Here’s something worth knowing, if you’re following the body of work that is interactive advertising on the TV: Thre’s a difference between being “EBIF-ready” and being “Canoe-ready.”Refresher: EBIF (Enhanced Binary Interchange Format) is the technical name for sending a clickable thing within an ad or a TV show, maybe to offer more information about a product (Canoe’s game), or maybe to participate in the outcome of a show, by clicking to vote someone gone.
(Canoe, for the uninitiated, is a cable MSO consortium tasked with making it possible for an advertiser to “buy cable,” as opposed to
buying time on Cablevision Systems to reach the tri-state area, Time Warner Cable for Manhattan, and Comcast for Philadelphia, and so on.)
The Big Thing about EBIF is its reach: Ultimately, to nearly 100% of the fielded base of digital cable set-tops. This year, best guess,
about 25 million U.S. homes will be outfitted to receive interactive TV ads, maybe more, on roughly 40 million total TV screens (figuring 1.6 set-tops per home, which was the rule of thumb last time I checked.)
Step one involves getting “EBIF-ready.” If you’re a cable operator, this starts with picking a User Agent (UA) provider. There are seven or so choices. Then, taking a shot at bandwidth implications (it involves packet ID size and campaign breadth, per network, but probably around 150 kbps). It’s also about gathering interactive session data into some kind of EBI aggregation server.
Step two is the “Canoe-ready” part, which adds the spit and polish that is end-to-end testing between operators and program networks. Think about how much gear sits between a programmer’s master control center, and your house. Hint: A lot. The trick is to not drop the EBIF trigger along the way.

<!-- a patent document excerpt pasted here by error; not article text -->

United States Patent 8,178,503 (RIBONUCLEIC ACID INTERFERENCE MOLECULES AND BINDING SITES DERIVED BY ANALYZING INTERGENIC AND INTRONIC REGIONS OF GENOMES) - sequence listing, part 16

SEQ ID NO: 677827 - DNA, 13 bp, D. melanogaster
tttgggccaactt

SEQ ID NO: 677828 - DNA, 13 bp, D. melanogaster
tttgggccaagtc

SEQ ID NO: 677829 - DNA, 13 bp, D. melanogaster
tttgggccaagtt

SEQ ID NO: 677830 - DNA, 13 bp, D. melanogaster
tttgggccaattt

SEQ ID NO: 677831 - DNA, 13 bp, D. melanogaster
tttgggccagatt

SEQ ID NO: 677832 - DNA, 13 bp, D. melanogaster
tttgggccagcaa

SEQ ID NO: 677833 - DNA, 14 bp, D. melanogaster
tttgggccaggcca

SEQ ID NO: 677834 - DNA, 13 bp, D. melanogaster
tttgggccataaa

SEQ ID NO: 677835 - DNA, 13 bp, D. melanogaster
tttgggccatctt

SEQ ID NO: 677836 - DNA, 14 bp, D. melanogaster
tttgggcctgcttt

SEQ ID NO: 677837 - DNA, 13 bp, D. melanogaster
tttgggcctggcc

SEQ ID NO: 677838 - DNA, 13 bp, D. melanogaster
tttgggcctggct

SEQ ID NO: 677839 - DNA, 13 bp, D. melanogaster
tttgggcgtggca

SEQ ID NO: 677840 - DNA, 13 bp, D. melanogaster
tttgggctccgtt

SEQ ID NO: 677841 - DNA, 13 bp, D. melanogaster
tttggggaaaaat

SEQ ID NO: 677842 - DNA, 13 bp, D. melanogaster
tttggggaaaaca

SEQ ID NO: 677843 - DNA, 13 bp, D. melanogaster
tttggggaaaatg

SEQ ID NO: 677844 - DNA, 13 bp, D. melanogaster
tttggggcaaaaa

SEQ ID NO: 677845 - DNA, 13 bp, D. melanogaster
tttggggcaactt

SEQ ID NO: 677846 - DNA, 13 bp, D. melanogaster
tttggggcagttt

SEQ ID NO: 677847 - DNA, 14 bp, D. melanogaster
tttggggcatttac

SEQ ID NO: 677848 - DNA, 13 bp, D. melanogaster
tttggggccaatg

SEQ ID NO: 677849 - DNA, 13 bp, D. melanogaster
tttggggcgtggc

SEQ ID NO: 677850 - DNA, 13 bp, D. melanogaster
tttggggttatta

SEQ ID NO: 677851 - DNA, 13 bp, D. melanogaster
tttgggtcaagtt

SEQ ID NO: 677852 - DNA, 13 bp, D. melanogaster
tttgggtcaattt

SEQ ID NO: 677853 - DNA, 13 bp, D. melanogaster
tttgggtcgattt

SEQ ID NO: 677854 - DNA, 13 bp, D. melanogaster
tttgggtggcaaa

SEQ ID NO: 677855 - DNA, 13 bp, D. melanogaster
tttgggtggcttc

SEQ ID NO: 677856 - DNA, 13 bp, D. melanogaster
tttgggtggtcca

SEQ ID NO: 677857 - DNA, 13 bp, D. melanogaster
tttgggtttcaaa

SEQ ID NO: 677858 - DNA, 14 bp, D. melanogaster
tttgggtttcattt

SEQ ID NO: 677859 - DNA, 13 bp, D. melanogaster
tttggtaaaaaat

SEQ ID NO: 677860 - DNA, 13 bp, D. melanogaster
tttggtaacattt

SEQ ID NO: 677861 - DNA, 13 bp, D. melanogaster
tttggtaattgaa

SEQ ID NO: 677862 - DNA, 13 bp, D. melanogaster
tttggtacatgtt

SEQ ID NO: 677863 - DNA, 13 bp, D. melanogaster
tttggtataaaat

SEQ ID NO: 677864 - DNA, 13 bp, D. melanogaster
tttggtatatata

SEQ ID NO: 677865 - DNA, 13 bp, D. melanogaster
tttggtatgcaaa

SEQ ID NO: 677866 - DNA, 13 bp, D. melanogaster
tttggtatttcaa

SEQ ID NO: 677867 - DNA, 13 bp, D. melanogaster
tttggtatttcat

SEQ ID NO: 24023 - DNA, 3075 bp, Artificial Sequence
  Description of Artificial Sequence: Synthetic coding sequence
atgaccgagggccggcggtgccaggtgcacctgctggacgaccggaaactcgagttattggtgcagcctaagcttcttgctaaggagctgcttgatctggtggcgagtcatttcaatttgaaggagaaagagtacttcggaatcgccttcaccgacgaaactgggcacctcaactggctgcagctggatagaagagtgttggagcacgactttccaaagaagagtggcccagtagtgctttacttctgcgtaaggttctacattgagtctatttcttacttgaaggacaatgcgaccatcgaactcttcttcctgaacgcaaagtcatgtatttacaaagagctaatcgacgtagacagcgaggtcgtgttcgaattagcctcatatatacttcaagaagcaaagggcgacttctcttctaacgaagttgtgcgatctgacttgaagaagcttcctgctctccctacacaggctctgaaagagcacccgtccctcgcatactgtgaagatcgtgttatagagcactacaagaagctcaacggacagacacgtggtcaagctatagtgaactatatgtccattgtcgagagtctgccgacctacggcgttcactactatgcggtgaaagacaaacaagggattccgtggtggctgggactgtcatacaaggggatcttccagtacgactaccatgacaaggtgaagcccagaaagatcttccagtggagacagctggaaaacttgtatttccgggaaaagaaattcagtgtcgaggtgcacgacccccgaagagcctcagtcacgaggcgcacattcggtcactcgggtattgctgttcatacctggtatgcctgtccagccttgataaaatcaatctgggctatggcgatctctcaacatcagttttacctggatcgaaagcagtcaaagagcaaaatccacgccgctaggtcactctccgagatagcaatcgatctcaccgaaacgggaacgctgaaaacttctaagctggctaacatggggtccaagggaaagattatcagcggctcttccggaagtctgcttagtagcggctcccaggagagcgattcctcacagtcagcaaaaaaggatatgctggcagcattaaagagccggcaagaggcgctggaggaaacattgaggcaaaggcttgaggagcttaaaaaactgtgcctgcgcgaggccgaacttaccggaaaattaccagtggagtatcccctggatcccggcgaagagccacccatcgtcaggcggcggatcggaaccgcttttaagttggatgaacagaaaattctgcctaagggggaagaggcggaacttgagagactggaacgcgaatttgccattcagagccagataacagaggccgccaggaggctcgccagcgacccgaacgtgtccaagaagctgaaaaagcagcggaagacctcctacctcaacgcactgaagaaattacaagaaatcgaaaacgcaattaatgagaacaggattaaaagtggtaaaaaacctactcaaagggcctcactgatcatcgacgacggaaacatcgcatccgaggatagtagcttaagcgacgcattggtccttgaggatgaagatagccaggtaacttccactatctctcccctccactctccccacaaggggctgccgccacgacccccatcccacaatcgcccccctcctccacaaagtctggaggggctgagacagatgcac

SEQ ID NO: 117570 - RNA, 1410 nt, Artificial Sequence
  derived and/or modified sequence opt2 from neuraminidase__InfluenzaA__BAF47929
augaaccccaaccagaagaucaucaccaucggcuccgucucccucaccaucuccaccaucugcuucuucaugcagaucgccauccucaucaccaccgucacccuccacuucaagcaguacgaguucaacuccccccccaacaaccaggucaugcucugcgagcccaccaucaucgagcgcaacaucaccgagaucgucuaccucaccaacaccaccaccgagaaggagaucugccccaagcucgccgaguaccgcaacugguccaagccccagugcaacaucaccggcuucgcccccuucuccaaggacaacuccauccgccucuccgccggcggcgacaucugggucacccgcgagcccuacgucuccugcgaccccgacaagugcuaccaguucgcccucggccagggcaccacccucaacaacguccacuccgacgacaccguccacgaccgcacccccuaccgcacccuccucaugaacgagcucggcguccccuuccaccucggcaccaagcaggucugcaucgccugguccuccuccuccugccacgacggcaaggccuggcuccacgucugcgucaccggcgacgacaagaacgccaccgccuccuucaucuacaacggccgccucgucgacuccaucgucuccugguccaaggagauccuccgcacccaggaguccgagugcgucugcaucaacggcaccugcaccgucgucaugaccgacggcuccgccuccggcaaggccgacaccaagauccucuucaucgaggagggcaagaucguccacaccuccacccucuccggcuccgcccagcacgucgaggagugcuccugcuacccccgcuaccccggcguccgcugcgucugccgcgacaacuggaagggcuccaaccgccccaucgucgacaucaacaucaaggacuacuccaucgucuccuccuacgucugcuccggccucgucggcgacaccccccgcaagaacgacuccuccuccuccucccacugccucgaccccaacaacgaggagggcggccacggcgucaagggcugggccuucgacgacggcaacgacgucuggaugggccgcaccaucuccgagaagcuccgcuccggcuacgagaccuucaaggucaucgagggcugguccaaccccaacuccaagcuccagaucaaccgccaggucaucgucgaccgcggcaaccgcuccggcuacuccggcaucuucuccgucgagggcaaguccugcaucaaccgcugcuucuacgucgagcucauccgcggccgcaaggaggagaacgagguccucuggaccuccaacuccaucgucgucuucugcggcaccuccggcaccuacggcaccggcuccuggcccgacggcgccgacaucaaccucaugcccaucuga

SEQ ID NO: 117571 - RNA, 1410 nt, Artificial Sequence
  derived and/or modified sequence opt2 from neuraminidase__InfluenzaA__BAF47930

Getting “Canoe-ready” also introduces the use of a template to get the clickable thing formatted for the screen. And, putting in the
mechanisms necessary to make sure fulfillment happens (e.g., you get the coupon.)
Lastly, “Canoe-ready” means that trigger inserters get installed into the broadcast centers of national programmers, and that traffic
schedules have a way to bet built for interactive-enabling ads and shows.
That’s a somewhat breezy interpretation of the two-step that is EBIF and Canoe-readiness, guaranteed to generate a giant eye-roll from an engineer whose job it is to make everything work: As with most things in video engineering, there are dozens of other associated steps.)
Nonetheless, and as this column has pointed out before: Time to get your EBIF on.
No really. As easy as it is to kvetch about the pace of interactive TV anything, it’s probably time to re-shelve the sarcasm and get the sleeves rolled up (again). To fix the problem, not the blame, as my grandfather used to say, requires (more) actual work.
Step one, step two. EBIF, Canoe.